A series of retaliatory U.S. airstrikes against the Iranian-backed militia Kataib Hezbollah killed “a number” of militants on Monday night, shortly after the Iraqi group was blamed for a drone attack on U.S. personnel, the National Security Council has confirmed, the latest in a series of clashes between the United States and the organization.
President Joe Biden ordered strikes against three locations connected to Kataib Hezbollah, after militants linked to the group reportedly took credit for a Christmas Day attack on U.S. military personnel that injured three service members, one of whom was left in critical condition, NSC spokesperson Adrienne Watson said in a statement.
U.S. Central Command said the American strikes “likely killed a number of Kataib Hezbollah militants” and that there “are no indications that any civilian lives were affected” — Iraqi Prime Minister Mohammed Shia al-Sudani however, said in a statement one “serviceman” was killed and 18 others, “including civilians,” were injured, multiple outlets reported.
An unnamed senior member of Kataib Hezbollah told the Washington Post the attacks on U.S. personnel were motivated by American support for Israel in its war against Hamas, as well as the U.S. military’s continued presence in Iraq.
The group, blamed for the deaths of dozens of civilians and American soldiers over the course of its existence, has been identified as a terrorist organization by the United States since 2009.
Kataib Hezbollah came to prominence with a series of attacks against U.S.-led forces in Iraq that started in 2007—the United States bombed the headquarters of Kataib Hezbollah in 2019 and the group’s founder, Abu Mahdi al-Muhandis, was killed in an American drone strike in 2020, leading Ahmad al-Hamidawi to take over the group.
Kataib Hezbollah uses largely Iranian-supplied weapons with the goals of combating ISIS, establishing an Iran-aligned government in Iraq, expelling U.S. forces from the country and advancing Iranian interests throughout the region, according to the National Counterterrorism Center.
The attack on U.S. troops follows months of increasing threats against American forces in the region since Hamas attacked Israel on Oct. 7, sparking an Israeli invasion of the Gaza Strip—Iranian-backed militant groups are believed to have carried out dozens of attacks on U.S. bases in Iraq and Syria since the start of the Gaza war.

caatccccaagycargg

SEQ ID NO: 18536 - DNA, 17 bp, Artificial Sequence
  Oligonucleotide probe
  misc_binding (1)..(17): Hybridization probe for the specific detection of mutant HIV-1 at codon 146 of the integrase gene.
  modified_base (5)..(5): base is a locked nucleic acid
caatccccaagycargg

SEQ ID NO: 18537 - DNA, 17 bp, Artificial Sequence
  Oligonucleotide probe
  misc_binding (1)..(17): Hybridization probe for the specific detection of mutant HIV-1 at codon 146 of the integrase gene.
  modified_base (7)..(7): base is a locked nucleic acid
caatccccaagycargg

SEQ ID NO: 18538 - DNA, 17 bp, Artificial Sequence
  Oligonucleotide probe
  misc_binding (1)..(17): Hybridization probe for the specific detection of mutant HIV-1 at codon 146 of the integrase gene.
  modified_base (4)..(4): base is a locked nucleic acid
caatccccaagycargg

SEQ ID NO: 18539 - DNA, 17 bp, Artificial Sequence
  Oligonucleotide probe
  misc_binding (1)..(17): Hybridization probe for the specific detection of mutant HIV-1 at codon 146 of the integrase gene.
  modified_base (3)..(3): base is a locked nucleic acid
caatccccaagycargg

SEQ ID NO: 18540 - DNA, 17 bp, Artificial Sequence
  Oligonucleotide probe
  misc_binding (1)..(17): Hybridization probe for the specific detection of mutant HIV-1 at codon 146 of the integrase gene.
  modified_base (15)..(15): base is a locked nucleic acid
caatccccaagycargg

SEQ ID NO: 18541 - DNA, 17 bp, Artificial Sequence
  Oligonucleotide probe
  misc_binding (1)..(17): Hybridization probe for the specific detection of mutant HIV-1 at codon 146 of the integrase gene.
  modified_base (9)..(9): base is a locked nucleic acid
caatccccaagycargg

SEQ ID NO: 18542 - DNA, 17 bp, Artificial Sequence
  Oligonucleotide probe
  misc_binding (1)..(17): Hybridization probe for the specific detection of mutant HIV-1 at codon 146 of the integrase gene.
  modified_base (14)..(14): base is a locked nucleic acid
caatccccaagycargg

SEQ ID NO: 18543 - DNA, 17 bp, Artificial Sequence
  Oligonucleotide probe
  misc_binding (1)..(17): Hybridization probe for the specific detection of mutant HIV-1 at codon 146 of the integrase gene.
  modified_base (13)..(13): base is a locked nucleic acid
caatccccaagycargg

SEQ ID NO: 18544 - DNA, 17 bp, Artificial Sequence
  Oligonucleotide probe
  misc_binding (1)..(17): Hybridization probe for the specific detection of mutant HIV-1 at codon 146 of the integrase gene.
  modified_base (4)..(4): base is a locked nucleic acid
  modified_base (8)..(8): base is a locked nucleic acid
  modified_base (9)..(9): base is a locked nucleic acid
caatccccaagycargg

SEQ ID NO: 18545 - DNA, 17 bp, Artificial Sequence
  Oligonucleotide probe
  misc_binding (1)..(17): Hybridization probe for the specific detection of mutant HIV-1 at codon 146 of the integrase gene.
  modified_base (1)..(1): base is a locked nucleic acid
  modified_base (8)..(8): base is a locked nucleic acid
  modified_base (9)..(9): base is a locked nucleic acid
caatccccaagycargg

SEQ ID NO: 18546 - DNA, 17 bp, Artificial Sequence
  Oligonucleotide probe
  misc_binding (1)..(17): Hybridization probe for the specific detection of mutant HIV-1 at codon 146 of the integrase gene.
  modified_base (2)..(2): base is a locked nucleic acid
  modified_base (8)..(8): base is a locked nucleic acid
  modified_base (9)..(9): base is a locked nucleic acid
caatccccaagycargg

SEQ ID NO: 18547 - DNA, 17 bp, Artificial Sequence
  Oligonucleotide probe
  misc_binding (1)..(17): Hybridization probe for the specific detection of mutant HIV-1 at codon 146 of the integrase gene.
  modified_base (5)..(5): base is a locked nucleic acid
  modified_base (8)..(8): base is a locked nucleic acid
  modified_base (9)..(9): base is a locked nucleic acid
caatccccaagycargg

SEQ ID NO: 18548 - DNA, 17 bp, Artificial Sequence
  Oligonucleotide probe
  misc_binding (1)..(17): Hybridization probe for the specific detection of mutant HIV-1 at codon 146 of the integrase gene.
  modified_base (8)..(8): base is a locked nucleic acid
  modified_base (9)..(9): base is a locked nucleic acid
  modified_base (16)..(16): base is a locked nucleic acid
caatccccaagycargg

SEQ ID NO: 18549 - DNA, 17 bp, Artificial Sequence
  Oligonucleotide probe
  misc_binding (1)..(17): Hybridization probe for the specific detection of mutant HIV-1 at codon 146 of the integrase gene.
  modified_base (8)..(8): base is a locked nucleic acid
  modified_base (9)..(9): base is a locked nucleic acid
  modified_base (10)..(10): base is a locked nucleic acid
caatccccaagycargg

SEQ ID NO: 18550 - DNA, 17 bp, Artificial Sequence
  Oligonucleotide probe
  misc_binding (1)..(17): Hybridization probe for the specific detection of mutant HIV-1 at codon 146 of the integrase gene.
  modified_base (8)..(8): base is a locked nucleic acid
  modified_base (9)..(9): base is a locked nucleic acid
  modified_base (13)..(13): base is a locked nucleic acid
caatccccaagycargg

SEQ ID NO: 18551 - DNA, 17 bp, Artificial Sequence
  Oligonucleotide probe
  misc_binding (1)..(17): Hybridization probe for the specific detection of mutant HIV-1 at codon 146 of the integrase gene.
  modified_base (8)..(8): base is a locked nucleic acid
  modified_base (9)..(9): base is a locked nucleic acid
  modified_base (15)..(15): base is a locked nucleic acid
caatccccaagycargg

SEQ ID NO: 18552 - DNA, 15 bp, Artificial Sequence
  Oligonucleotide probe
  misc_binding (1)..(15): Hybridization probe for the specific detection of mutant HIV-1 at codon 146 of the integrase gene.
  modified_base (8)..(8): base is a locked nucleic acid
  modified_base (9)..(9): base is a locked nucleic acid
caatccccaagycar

Kataib Hezbollah was formed by bringing together five militant organizations under Abu Mahdi al-Muhandis, a former political dissident considered to be one of Iraq’s most powerful men at the time of his death. The Shiite group has been operating for almost 10 years as part of the Popular Mobilization Forces (of which Muhandis was deputy chief), a group of Shia militant fighters that have been recognized as a government entity operating alongside the Iraqi military since 2016. Tensions between the majority Shiites in Iraq and Sunni minority have existed for decades but escalated into civil war with the toppling of Sunni leader Saddam Hussein by U.S. forces in 2003. Attacks from Kataib Hezbollah reportedly include the 2008 launch of an improvised rocket-assisted munition that killed 18 civilians and wounded dozens of others in 2008 and a 2021 rocket attack in Iraq that killed a civilian American contractor and wounded several troops. The latter led Biden to lead his first military act as president, killing 22 people with airstrikes targeting Iranian-backed fighters in Syria.
The Iraq War officially ended in 2011 with the withdrawal of most U.S. troops, but thousands of troops have remained in the country since then. A few thousand American troops remain stationed in Iraq with the goals of combating ISIS and limiting Iranian influence in the region, according to the Cato Institute. About 900 U.S. forces are also in Syria as part of a counter-ISIS mission and an effort to assist Kurdish groups, where they face occasional attacks.
Kataib Hezbollah is not the same organization as the better-known Hezbollah group, a Lebanese Shia political party and militant group founded in the 1980s that has engaged in violence at the Lebanon/Israel border since the start of war in Gaza. Hezbollah also receives support from Iran.
10,000. That’s how many members Kataib Hizballah is thought to have had as of September 2022, according to the National Counterterrorism Center.
Source » forbes